Islamabad: The Pakistan government has decided to grant regulatory powers to a set of public and private bodies to effectively regulate high risks businesses and professions that were prone to money laundering and terror financing, a media report said.
The federal cabinet has recently approved amendments to the Anti-Money Laundering Act, 2010 — for the second time in four months – that would now be placed before Parliament for approval, The Express Tribune report said on Friday.
Parliament had also amended the anti-money laundering law four months ago but it fell short of the Financial Action Task Force’s (FATF) expectations.
The decision has been taken ahead of a meeting of the FATF’s joint group to address the legal deficiencies pointed out by the global watchdog.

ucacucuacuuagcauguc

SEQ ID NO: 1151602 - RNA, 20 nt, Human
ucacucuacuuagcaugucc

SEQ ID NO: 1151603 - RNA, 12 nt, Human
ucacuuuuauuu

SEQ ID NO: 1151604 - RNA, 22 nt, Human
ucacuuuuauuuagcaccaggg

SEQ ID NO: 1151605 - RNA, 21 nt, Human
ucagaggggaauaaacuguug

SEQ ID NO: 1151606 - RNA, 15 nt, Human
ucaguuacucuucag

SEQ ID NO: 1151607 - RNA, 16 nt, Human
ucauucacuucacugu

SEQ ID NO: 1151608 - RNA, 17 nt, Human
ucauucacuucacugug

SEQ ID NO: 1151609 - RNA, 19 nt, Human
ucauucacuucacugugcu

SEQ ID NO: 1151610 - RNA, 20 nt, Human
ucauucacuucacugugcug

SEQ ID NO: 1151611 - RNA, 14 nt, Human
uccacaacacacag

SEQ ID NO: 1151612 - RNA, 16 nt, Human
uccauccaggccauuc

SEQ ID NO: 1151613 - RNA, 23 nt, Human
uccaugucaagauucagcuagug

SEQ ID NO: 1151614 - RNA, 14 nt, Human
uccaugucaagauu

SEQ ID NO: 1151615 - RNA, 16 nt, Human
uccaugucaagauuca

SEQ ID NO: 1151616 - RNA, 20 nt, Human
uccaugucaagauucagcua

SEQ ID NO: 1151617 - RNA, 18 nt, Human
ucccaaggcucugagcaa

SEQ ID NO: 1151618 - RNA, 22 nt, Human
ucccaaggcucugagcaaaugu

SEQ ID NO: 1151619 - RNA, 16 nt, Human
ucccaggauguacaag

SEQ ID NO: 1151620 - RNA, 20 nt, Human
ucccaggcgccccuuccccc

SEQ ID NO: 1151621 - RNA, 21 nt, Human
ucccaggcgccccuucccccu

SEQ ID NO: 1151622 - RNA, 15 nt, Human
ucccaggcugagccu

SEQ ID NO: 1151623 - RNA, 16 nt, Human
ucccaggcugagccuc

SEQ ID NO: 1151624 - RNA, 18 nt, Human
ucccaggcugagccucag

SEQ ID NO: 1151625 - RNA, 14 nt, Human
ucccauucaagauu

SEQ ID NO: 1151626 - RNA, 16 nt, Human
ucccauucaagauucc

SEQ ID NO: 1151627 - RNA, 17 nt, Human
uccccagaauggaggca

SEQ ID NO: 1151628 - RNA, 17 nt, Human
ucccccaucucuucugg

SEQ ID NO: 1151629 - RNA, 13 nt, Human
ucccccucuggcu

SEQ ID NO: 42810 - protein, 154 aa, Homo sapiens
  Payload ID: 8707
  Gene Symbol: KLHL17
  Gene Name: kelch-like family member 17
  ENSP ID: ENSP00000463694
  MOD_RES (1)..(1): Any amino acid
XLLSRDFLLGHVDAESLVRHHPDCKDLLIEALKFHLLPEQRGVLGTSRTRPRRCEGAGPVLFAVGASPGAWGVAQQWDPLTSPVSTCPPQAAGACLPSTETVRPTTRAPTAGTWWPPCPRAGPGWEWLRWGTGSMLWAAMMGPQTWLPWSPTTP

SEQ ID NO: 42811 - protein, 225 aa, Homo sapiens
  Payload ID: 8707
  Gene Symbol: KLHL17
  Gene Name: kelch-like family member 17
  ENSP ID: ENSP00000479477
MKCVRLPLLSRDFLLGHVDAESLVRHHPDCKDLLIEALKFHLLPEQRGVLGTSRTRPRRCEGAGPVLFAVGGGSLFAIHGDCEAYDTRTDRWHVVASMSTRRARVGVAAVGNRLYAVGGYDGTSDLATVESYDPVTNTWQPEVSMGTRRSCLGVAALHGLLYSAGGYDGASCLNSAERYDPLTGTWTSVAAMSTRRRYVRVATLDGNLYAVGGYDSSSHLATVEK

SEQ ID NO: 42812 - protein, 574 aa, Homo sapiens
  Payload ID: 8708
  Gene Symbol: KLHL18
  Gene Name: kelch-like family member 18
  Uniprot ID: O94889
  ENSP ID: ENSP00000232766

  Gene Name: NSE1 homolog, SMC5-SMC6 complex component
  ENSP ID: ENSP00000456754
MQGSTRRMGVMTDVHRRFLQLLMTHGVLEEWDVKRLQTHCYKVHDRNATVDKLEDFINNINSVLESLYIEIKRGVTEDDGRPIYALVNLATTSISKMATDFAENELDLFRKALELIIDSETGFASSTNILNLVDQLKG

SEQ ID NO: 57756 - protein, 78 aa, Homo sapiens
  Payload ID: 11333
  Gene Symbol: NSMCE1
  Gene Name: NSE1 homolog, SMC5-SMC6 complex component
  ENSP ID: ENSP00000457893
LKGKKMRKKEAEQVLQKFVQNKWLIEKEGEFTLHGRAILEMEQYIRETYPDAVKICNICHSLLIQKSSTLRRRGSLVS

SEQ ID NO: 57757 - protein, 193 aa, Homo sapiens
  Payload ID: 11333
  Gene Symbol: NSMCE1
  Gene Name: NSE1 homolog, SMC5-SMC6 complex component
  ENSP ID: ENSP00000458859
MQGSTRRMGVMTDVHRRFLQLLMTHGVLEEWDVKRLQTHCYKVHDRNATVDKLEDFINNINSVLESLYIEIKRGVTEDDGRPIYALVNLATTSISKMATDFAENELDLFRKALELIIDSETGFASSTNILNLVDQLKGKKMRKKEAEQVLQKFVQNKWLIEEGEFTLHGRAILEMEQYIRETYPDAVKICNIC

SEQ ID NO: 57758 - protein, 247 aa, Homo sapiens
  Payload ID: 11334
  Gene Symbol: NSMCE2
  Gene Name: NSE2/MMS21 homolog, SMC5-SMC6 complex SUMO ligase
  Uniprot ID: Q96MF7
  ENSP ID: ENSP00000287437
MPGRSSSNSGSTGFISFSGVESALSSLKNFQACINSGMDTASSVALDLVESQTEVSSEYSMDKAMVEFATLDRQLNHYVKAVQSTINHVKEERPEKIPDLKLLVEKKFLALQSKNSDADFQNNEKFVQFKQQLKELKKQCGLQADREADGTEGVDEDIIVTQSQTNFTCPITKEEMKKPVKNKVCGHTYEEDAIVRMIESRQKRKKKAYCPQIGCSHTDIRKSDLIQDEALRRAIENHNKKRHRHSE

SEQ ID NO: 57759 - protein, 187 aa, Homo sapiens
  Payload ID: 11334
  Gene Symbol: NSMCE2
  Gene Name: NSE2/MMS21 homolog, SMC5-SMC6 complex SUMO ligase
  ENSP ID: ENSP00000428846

A controversial change, which the parliament had struck down four months ago, was to declare money laundering a cognisable offence. However, it is again part of the proposed changes endorsed by the cabinet two days ago, the report said.
Currently, money laundering is a non-cognisable offence but the government has again proposed changes after which investigation officers would be empowered to arrest people without warrants and start an investigation without court permission.
The joint group is expected to meet in September to review Pakistan’s case before it is placed in front of the FATF plenary, which likely to take place in October.
Pakistan won a three-month further extension to complete its 27-point action plan because of the coronavirus pandemic.
The extended deadline was June this year but the FATF extended it due to the postponement of the FATF plenary.
The FATF had placed Pakistan on the grey list in June 2018, placing at least 27 conditions for compliance review on September 2019.
Since then, Pakistan has been given extensions at least thrice of three months each as Islamabad failed to comply with the conditions, required to ensure its name is removed from the grey list.